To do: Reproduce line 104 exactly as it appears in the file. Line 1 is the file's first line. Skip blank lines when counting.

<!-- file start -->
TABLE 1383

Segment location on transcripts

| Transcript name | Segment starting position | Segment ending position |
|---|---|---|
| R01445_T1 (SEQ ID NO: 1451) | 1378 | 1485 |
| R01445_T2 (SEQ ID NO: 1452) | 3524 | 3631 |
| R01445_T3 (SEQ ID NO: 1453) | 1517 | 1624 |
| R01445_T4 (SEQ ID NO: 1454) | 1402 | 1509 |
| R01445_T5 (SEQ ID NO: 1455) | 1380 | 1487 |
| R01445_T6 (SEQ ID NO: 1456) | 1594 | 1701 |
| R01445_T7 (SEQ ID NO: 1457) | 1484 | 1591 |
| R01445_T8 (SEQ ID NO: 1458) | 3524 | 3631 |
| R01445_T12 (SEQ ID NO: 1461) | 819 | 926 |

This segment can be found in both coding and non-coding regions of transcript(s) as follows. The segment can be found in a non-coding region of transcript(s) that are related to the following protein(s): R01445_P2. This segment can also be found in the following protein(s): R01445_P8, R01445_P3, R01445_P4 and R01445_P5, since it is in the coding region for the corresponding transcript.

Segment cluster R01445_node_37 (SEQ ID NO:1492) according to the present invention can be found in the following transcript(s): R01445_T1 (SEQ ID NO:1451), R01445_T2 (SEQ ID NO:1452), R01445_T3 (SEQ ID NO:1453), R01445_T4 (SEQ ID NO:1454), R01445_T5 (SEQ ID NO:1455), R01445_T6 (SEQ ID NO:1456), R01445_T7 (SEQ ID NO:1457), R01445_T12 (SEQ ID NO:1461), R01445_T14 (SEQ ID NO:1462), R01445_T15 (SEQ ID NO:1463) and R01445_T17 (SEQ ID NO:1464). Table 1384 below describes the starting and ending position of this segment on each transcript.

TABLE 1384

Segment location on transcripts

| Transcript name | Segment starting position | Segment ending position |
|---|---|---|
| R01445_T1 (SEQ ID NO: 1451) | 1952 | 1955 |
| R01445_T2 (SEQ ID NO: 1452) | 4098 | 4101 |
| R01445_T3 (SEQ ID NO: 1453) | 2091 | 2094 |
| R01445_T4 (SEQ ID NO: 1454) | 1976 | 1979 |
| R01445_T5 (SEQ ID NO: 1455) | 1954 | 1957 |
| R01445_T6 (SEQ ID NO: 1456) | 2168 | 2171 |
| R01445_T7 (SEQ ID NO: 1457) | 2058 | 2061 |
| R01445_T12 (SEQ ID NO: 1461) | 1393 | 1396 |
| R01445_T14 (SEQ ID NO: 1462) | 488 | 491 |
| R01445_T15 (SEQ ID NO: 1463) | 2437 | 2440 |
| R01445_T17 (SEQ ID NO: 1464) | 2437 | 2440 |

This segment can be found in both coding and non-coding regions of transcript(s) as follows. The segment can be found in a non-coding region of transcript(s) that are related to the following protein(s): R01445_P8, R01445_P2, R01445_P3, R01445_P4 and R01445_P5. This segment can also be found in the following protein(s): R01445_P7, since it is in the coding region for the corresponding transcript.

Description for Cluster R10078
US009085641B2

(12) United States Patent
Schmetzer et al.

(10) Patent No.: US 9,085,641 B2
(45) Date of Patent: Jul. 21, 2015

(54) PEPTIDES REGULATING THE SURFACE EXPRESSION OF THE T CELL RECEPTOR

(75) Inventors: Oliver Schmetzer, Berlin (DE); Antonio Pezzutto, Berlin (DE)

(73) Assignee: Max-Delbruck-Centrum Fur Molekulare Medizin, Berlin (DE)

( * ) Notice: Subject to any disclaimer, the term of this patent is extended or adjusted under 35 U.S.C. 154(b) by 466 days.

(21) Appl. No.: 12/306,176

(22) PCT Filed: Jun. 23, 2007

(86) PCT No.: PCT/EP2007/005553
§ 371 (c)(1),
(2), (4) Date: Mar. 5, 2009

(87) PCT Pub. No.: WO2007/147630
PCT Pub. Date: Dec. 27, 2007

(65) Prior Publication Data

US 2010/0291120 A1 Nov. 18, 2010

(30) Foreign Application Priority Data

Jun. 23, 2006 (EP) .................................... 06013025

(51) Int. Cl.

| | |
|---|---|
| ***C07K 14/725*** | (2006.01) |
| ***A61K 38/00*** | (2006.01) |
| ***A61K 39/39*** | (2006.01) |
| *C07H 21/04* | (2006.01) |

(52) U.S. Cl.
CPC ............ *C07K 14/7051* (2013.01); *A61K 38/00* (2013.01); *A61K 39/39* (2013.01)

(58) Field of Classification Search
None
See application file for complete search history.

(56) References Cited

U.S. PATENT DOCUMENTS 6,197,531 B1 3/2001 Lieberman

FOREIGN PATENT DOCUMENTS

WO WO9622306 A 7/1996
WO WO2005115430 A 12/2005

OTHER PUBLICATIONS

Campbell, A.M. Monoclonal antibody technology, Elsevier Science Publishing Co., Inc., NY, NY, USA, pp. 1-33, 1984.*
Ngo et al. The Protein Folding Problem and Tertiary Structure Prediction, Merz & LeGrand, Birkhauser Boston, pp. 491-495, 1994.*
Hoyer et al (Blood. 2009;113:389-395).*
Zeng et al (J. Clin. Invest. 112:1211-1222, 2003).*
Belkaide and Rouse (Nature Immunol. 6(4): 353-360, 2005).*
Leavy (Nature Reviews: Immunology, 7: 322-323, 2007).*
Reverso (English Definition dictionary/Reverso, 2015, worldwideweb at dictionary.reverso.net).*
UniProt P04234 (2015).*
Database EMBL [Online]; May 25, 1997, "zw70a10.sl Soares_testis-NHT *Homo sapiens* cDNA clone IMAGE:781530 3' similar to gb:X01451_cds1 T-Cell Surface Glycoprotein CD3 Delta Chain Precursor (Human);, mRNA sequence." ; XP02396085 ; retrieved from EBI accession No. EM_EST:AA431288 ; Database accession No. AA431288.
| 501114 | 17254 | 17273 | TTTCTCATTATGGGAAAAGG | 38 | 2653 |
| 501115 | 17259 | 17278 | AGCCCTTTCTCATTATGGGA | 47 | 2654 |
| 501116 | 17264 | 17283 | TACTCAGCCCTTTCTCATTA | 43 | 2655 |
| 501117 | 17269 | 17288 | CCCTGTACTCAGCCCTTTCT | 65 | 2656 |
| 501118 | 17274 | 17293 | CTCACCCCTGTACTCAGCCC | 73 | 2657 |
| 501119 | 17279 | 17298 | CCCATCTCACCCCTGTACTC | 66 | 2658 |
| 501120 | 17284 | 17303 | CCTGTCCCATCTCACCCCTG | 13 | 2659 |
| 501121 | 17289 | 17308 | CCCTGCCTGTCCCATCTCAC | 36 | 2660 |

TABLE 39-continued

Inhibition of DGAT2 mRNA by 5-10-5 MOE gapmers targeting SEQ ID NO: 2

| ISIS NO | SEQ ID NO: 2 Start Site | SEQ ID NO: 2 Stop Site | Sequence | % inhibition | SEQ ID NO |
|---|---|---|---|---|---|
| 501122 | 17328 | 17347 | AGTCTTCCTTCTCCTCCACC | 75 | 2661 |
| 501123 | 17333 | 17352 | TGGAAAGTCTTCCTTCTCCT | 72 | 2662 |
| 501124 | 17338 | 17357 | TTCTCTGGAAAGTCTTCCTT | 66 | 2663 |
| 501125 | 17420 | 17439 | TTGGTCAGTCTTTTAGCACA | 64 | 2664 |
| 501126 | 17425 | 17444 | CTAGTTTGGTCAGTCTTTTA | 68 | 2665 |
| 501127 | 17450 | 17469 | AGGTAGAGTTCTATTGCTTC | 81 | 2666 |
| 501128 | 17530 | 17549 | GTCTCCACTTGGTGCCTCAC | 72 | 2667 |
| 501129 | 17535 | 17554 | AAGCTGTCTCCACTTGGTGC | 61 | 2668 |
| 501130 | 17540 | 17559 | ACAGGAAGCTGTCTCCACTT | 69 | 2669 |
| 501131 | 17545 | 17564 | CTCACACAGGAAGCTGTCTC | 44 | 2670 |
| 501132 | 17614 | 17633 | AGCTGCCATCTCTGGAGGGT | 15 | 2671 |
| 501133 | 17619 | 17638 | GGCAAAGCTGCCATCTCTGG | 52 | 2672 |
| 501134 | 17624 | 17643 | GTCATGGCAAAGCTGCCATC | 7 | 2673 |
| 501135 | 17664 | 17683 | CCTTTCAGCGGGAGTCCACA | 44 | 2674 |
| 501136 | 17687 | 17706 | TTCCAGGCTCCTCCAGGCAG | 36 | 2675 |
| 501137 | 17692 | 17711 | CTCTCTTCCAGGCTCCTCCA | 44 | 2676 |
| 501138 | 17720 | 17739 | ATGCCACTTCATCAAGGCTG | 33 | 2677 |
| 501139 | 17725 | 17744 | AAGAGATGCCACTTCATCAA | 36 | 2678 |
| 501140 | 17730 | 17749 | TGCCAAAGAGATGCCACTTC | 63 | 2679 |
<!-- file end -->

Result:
| 501134 | 17624 | 17643 | GTCATGGCAAAGCTGCCATC | 7 | 2673 |